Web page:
Monday, June 4, 2007

White Kids and Gang Signs

I have talked a lot about hip-hop on this blog over the last month or so, as it has been a pretty hot button issue in American culture. Today, I came across an article from The Boston Globe via Feministing about the relationship between white kids, the "ghetto", and rap culture.

The crux of the argument revolves around a premise that many have been arguing for a long time, which is that the music has become a representation, fairly or unfairly, for all Black people. Because so many of the consumers of hip-hop have no experience with the ideas presented in most hip-hop, these white suburbanites have fetishized and exoticized ideas of living in the ghetto. Unfortunately, such fetishizing has led to negative images for all Black people regardless of our actual connection to hip-hop culture and rap music. This idea is a fairly similar one that happened back in the late 19th and early 20th Centuries called minstrelsy when white people dressed up as if they were black, covering their faces in burnt cork and shucking and jiving like "authentic negroes" did in those times.

Many thought we had passed this point in our society, where Black people were no longer being exoticized and used to amuse and entertain the white people in the country. Black music has produced many heroes for its own culture such as James Brown and George Clinton, but that has passed again with the rise of artists like 50 Cent and Lil' Jon who fill the minds of these impressionable American youth with images of Black people standing on the corner, drinking 40s, and slanging crack. This is bad enough within itself. But, as the article notes, this is made worse by the presence of "ghetto parties" based of these white kids' understanding of what it means to be ghetto as taught to them by outlets such as Flavor of Love (I already know) and the rappers that are being promoted by the white record executives who decided to hold up the principles of nihilism and excess capitalism. Although, to rap's defense, no rapper I know talks about dressing up in blackface, which the kids do at these offensive parties.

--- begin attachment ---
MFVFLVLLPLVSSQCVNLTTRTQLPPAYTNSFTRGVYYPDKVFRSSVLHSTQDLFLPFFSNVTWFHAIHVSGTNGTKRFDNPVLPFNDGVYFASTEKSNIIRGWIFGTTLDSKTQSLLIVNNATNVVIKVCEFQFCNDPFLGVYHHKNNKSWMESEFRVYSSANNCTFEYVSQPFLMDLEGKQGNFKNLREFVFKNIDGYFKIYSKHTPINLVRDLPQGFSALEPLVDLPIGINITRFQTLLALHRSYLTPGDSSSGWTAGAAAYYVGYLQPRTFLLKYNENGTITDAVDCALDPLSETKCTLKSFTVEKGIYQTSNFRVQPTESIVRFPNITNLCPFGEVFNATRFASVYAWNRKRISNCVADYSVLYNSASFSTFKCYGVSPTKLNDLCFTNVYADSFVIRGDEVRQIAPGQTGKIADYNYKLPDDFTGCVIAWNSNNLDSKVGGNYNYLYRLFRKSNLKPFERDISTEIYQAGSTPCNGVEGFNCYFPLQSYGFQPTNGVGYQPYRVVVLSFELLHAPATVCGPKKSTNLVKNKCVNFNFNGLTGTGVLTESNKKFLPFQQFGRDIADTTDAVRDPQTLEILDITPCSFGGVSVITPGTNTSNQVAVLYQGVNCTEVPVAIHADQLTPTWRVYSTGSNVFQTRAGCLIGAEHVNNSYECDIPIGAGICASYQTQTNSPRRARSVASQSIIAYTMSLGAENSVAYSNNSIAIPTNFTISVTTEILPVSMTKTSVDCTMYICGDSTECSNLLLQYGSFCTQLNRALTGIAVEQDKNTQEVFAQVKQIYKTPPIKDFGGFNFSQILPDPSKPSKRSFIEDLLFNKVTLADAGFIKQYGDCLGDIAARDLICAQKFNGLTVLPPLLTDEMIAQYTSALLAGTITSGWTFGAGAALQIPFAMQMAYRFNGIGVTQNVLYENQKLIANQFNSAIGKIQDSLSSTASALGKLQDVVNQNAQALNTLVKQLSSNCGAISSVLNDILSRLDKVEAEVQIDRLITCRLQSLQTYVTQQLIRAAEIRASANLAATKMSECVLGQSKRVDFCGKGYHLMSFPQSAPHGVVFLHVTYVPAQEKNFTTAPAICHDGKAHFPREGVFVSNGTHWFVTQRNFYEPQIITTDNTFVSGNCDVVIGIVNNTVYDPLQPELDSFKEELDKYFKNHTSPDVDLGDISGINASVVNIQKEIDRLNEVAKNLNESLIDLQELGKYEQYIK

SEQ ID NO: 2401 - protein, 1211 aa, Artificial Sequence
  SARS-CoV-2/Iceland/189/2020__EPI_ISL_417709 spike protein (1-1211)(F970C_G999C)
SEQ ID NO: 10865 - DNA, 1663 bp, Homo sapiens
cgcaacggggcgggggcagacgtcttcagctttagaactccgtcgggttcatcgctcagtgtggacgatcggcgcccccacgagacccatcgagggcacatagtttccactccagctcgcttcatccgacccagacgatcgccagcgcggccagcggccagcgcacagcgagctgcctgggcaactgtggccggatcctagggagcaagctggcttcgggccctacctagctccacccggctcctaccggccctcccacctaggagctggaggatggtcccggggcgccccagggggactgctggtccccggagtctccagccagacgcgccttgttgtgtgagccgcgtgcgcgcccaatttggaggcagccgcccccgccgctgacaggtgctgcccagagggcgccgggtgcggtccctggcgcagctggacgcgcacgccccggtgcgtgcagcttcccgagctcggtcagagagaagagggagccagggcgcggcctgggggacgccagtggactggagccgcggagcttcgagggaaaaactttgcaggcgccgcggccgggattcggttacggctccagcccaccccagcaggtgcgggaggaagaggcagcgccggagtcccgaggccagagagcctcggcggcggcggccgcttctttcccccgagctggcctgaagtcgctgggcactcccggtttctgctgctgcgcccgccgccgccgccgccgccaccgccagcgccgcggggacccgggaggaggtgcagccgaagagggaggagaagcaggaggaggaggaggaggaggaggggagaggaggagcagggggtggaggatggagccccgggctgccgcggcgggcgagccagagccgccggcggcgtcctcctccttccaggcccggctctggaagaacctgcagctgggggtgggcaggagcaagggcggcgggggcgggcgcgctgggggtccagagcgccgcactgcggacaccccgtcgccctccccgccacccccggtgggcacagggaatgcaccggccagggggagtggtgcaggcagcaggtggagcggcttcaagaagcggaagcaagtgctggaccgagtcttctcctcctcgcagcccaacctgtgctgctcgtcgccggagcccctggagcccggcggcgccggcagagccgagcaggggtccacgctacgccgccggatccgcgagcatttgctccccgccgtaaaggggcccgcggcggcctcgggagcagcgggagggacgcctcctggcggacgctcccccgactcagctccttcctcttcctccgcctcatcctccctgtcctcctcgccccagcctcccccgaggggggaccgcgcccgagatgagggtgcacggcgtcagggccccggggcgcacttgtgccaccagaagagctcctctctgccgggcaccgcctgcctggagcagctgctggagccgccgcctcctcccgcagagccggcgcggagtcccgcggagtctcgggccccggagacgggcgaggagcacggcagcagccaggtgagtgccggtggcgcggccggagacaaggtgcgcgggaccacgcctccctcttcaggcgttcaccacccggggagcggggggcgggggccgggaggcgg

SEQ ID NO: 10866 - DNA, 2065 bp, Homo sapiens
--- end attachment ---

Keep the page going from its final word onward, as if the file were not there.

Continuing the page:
The parties are shocking, but this is the most shocking part of the entire article:

When [Professor] Price brought up the subject of ghetto parties in his Northeastern classroom, he says his white students reacted by saying, "So what? " They considered ghetto parties no more harmful than toga parties, says Price.
I think that this is fitting of why so many people of color have problems with white adoption of hip-hop culture. No one in hip-hop is saying that white kids can't be a part of it, but, if you are going to be a part of it, you have to understand it. Hip-hop has been political since Kool Herc started moving a record back and forth under a stylus. Rapping, breaking, graf writing, and scratching were the initial tools to make disenfranchised voices heard because they were so frequently silenced and are still silenced now. The fact that these kids don't understand that we have had to go through century upon century of having my fellow men and women stereotyped as lazy, lascivious, poor, morally bankrupt, violent, and content with being the literal footrest for the White population leaves me with seething anger throughout my body. It genuinely offends me that they cannot understand this most simple of concepts of the Black experience. It makes me wonder if anything that our schools have been trying to teach us about the struggles of Martin Luther King have stuck with these kids in any meaningful way.

If you are a white kid who is ignorant, negligent, stupid enough to think that it is a good idea to show up to a party in gold chains, wearing clothing four sizes too big, and in fucking blackface, I don't want you listening to my music. I don't want you to listen to the music that represents my people's struggle out of the hood. I don't want you even being connected to the culture because this display shows that you don't have a basic understanding of who hip-hop represents and what it means when it says that it is a global culture. Hell, I might punch you out, and I never raised a hand against others.